24 Giugno 2021

Leaf Space expands ground station network ahead of busy SpaceX ride-share mission

Leaf Space is adding more ground stations to cater for the rapidly expanding small satellite industry. Credit: Leaf Space.

TAMPA, Fla. — Leaf Space has added three more ground stations to its managed network service, helping the Italian company support its largest number of satellite customers on a single launch in an upcoming mission.

Adding sites in Sri Lanka, the Azores and Scotland increases Leaf Space’s total ground station count to 12, which will support 14 satellites from six customers due to launch on SpaceX’s Transporter-2 ride-share mission. SpaceX recently said it plans to announce a new date for this launch, which had been slated for June 25, to take additional time for prelaunch checkouts.

Giovanni Pandolfi, Leaf Space’s co-founder and chief technology officer, said the company is on track to activate three more ground stations in the third quarter of this year amid the small satellite industry’s rapid expansion.

The company provides ground segment services for satellite and rocket launches, early spacecraft operations, ongoing mission needs and space asset decommissioning.

“Expanding our ground station network provides our customers with more coverage points, allowing more frequent and strategic communications with satellites on orbit providing them with more control, flexibility and the ability to scale quickly without additional operational or infrastructure costs,” Pandolfi told SpaceNews.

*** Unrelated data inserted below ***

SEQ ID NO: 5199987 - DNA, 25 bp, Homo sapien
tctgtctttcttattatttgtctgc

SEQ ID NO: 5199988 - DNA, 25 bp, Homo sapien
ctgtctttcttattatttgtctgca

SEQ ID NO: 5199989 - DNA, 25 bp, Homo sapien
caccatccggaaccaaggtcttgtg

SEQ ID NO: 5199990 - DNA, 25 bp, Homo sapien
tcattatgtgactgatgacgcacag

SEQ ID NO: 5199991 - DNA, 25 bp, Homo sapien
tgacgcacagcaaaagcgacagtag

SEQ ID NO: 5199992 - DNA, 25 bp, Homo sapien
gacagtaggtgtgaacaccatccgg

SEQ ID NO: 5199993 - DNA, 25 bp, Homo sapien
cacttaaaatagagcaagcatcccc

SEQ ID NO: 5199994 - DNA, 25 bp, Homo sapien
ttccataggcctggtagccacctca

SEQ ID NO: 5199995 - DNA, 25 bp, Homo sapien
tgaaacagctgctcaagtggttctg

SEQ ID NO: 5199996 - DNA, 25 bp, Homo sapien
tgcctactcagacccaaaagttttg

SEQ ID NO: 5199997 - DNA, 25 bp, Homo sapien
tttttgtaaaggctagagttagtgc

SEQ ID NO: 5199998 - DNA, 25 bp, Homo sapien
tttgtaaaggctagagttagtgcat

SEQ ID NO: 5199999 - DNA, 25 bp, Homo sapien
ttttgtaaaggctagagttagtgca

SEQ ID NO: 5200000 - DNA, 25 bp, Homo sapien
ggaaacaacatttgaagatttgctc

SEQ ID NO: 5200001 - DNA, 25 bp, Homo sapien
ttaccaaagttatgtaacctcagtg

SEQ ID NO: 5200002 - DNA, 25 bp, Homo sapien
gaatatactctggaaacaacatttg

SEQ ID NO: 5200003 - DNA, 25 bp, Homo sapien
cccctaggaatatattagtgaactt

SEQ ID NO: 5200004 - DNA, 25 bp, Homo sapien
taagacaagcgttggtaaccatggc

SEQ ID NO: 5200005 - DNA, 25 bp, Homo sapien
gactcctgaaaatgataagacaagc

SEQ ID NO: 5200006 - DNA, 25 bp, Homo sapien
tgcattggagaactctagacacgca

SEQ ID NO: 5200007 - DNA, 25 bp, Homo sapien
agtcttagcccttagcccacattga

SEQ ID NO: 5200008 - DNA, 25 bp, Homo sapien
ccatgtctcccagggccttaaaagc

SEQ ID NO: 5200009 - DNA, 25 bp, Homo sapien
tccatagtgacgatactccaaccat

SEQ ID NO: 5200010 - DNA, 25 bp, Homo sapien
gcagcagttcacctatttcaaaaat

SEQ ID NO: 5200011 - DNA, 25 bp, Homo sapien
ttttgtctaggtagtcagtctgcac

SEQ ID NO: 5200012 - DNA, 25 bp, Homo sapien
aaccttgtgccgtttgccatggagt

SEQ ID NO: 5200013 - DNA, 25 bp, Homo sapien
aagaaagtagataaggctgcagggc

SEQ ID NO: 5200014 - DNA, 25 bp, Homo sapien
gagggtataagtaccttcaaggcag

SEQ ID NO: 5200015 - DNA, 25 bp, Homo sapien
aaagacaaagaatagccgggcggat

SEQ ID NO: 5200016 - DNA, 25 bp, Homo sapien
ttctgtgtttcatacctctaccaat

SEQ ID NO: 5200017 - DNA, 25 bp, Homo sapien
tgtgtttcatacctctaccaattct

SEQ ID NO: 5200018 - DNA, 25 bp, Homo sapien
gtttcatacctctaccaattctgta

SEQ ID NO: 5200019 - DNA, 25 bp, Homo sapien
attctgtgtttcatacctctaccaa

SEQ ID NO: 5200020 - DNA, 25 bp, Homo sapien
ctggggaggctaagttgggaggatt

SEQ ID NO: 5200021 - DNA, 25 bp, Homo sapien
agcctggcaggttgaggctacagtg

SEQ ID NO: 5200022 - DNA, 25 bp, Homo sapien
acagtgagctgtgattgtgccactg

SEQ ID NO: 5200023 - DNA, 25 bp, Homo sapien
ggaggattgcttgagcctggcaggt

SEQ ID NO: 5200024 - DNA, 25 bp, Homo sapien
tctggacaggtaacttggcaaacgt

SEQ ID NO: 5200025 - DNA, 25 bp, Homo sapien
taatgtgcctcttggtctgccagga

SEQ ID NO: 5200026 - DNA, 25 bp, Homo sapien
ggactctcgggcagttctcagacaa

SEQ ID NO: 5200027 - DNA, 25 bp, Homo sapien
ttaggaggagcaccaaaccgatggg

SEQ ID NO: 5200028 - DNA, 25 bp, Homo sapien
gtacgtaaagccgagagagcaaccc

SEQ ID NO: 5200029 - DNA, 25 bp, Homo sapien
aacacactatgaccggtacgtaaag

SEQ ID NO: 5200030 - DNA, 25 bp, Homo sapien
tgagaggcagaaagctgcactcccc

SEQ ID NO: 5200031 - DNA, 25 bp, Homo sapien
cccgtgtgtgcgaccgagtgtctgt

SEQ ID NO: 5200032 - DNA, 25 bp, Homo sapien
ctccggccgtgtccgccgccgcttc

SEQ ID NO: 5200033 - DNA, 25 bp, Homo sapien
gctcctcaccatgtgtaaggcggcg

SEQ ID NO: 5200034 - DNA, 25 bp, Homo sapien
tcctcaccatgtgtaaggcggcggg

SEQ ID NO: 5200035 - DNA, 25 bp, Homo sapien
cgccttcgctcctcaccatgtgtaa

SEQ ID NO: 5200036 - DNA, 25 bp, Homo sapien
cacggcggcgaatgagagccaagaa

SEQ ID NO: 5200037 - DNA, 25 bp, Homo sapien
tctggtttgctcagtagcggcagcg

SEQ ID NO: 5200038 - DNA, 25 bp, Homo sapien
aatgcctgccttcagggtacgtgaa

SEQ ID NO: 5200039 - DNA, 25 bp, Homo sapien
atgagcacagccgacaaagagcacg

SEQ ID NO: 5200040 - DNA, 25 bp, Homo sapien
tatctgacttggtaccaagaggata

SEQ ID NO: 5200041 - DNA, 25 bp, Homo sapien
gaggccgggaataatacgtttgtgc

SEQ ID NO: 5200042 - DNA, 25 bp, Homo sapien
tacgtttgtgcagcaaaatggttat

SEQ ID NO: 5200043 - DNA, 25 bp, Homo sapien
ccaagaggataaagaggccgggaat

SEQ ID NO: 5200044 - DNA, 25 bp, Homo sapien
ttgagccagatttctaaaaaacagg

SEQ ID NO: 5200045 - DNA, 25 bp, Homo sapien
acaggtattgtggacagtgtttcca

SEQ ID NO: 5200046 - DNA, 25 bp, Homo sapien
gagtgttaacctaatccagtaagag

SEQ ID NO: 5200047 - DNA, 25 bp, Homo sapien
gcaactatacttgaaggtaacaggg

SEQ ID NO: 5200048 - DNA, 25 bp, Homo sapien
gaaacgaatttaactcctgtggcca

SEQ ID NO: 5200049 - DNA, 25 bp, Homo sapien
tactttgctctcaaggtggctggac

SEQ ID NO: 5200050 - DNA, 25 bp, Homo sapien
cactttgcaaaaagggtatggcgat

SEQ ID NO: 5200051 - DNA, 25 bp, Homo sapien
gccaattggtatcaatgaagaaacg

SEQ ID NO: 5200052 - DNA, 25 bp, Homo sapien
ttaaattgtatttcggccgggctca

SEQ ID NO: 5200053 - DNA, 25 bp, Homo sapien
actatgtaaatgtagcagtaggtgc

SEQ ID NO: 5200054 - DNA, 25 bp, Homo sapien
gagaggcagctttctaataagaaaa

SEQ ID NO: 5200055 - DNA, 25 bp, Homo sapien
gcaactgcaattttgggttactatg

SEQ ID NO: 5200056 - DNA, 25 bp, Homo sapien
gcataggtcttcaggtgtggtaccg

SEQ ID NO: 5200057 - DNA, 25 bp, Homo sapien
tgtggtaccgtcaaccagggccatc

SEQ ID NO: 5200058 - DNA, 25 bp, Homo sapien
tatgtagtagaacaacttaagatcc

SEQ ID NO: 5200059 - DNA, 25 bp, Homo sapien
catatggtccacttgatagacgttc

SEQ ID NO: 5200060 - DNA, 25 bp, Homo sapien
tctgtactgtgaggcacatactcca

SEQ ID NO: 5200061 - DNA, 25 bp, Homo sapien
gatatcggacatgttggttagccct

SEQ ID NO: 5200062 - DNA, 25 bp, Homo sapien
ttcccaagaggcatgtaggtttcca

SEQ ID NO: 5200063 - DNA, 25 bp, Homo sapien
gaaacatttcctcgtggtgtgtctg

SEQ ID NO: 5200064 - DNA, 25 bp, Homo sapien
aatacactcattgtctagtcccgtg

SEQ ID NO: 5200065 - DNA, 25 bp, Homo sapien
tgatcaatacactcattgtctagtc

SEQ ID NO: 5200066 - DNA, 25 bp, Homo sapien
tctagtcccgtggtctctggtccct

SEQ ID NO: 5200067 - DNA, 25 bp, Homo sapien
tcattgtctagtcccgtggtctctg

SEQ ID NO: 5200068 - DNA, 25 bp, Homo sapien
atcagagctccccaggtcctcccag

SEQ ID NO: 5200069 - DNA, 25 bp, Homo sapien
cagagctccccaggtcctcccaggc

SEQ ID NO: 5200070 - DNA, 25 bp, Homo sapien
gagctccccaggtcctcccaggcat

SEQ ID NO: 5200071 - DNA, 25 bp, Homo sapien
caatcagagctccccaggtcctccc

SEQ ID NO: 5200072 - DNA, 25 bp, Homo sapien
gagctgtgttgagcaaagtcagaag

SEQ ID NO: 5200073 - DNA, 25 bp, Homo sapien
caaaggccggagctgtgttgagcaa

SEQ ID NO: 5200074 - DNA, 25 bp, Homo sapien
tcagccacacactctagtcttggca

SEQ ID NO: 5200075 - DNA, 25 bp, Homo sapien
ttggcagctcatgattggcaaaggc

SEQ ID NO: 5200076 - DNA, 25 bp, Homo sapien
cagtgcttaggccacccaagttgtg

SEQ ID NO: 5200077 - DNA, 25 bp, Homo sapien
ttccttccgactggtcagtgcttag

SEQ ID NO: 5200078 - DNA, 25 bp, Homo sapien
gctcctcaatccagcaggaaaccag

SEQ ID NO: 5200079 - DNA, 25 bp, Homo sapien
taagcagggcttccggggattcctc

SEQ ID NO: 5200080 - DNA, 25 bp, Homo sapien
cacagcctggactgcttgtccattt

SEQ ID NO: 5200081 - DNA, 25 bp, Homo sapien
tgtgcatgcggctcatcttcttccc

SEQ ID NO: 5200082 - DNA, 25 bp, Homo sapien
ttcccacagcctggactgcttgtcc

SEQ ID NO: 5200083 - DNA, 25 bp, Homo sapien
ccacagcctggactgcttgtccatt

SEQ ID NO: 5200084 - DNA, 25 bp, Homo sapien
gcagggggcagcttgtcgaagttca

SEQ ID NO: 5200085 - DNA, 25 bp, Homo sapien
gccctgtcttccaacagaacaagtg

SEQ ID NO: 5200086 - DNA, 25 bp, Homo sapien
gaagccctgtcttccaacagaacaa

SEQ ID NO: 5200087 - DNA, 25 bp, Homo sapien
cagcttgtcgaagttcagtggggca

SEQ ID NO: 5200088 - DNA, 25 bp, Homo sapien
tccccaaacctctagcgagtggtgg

Having more ground stations is particularly useful during the launch and early operations phase of a ride-share mission, he added, because it reduces “the time between launch, satellite identification and commissioning, which ultimately allows customers to start using their spacecraft faster.”

The new ground station in Sri Lanka also gives Leaf Space capabilities in the equatorial orbit for the first time, distributing its medium-latitude network to mitigate the risk of interference, among other advantages that provide customers more capacity with fewer antennas.

Pandolfi said the new station on the remote Shetland Islands in Northern Scotland boosts capacity for sun-synchronous and mid-inclination orbits.

“It is also a very RF-clean environment, which of course is favorable for satellite operations,” he said.

Founded in 2014, Leaf Space announced plans March 24 for a U.S. office to serve government and commercial markets.

Its customers include Swiss startup Astrocast, which has five satellites on the Transporter-2 mission and recently unveiled plans to go public to expand the constellation.

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